With an enhanced national reach, CVS will be in a stronger position as it rolls out its new suite of offerings under the Proactive Pharmacy Care model, taking advantage of its retail and PBM services.



NCPA Foundation to Award Scholarships

The National Community Pharmacists Association (NCPA) Foundation announced the recipients of 31 pharmacy student scholarships for 2008-2009. The scholarships, totaling $63,000, will be awarded at NCPA's 110th Annual Convention and Trade Exposition next month.

The award recipients include:

Cassandra Shields, from the University of Missouri, was named the 2008 recipient of the Willard B. Simmons Sr Memorial Scholarship and will receive $2500. The scholarship is awarded to a student who has demonstrated exemplary interest in pharmacy management.

Todd Mattingly, from the University of Kentucky, was named the 2008 recipient of the J.C. and Rheba Cobb Memorial Scholarship and will receive $2500. This award is presented for exemplary interest in civic and government affairs.

Ellen Smith, from the University of Washington, is the first recipient of the new Neil Pruitt Sr Memorial Scholarship and will receive $2500. This award is based on leadership, academic achievement, and interest in entrepreneurism.

The NCPA Foundation also awarded its 2008 Presidential Scholarships to 18 pharmacy students who will be awarded $2000 each. The winners are chosen on the basis of academic achievement, leadership qualities, interest in independent community pharmacy, and extracurricular accomplishments.

The 10 award recipients for the 2008 Partners in Pharmacy Scholarships will each receive $2000 scholarships. The scholarship recognizes academic achievement, community service, and a demonstrated interest in independent pharmacy.



140,000 ED Visits for Antibiotic Reactions

Researchers looking at recent national adverse drug event surveillance data estimate that >140,000 emergency department (ED) visits each year can be attributed to an allergic reaction or other drug-related adverse event in patients taking systemic antibiotics. Antibiotics were implicated in 19.3% of all ED visits for drug-related adverse events, according to the study, which appears in the September 15, 2008, issue of Clinical Infectious Diseases.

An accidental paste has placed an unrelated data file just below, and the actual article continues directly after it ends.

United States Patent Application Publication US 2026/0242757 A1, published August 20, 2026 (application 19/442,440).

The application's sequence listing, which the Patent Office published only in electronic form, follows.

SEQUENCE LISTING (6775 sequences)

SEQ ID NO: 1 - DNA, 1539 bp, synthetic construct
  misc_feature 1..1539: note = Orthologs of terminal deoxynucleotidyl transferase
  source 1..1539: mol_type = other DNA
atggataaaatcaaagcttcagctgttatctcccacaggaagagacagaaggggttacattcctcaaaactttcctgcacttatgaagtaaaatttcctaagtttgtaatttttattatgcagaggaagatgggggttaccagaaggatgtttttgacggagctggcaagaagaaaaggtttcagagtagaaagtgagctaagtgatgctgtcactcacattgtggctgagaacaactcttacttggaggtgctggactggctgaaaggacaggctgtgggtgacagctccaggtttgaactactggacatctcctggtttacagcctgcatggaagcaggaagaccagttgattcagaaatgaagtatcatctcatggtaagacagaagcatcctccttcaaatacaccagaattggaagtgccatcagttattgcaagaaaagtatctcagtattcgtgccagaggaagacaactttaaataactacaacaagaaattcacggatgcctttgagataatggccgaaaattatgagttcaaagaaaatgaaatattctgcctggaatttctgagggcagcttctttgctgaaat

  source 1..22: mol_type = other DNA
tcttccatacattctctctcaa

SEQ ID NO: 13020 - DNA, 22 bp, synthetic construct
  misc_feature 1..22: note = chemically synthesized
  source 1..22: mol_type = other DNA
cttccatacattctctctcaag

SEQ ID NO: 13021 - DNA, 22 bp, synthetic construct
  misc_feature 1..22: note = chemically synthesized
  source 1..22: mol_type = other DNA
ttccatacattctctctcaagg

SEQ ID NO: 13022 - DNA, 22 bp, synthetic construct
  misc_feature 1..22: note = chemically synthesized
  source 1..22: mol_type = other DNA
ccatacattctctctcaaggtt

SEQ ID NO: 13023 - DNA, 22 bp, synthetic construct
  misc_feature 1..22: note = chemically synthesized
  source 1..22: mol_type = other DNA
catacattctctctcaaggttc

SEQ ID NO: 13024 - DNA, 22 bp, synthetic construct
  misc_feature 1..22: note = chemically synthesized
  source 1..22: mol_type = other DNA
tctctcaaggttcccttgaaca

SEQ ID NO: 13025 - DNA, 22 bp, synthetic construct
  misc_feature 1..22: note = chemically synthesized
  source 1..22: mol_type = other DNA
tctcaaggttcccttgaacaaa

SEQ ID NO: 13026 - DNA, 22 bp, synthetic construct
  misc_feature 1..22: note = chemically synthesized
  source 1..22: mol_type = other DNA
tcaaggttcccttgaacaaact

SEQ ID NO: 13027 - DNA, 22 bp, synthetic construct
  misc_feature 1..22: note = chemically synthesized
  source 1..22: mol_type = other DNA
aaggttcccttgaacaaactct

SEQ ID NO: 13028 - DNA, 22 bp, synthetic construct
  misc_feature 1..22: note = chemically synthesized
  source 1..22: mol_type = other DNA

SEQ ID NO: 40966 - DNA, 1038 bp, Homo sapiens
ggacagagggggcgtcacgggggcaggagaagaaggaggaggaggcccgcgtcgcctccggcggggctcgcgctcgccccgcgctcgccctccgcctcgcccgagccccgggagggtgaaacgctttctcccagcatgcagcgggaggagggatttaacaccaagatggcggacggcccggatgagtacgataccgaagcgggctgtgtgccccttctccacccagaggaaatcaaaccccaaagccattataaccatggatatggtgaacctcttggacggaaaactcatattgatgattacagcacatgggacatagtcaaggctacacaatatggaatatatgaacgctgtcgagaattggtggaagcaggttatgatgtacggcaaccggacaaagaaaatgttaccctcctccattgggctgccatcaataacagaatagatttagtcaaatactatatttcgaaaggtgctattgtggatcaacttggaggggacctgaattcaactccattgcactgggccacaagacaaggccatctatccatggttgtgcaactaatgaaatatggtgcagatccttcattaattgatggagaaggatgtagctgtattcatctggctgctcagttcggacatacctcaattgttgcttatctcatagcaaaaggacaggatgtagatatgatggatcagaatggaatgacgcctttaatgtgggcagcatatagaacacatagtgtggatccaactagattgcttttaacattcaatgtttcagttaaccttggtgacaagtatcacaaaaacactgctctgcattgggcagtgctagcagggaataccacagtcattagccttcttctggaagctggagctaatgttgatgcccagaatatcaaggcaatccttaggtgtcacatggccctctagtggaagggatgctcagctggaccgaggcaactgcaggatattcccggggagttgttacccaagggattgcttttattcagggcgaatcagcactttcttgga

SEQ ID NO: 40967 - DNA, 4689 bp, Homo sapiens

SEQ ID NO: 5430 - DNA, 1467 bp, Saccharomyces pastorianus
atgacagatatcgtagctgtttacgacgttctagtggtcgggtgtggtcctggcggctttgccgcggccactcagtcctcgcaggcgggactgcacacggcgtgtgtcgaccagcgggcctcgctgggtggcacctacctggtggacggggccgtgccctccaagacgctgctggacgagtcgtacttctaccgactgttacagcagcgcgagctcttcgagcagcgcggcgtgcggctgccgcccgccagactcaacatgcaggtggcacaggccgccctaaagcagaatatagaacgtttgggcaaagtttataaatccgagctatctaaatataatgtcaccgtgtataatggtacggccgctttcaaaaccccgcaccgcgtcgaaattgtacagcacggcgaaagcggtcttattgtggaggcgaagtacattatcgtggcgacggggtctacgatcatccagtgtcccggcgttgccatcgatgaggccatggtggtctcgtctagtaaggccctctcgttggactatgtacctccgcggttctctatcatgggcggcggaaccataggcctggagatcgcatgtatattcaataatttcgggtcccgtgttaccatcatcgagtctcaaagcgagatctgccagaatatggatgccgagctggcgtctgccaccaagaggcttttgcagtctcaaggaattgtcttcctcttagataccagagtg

The researchers noted that although the risk of an ED visit for an antibioticassociated adverse event is small for an individual patient, the overall burden on the population increases when antibiotics are commonly prescribed for indications for which they have no benefit. They suggest that communicating the risks of antibiotic- associated adverse events should become an important strategy in efforts to promote judicious antibiotic use.



Part D Web Site Confuses Seniors

Medicare.gov is apparently not as userfriendly as some might hope, in helping even those seniors with basic computer skills to understand the Part D prescription drug plan, according to a recent study of seniors living in Miami, Florida.

Well-educated adults with computer experience reported difficulty using the Web site to determine eligibility for services and enroll in the drug plan. Participants also reported problems navigating within the Web site and locating information. The University of Miami researchers note that it is likely that persons with less computer experience would have even greater difficulty and suggest that more input from individuals be used in the Web site design.

The findings were reported in the August 20, 2008, issue of the Journal of the American Medical Association.



Initiative Launched for HIV/AIDS

Mirixa Corp and Ramsell Pharmacy Solutions have launched a pharmacistdelivered medication therapy management (MTM) initiative for individuals with HIV/AIDS.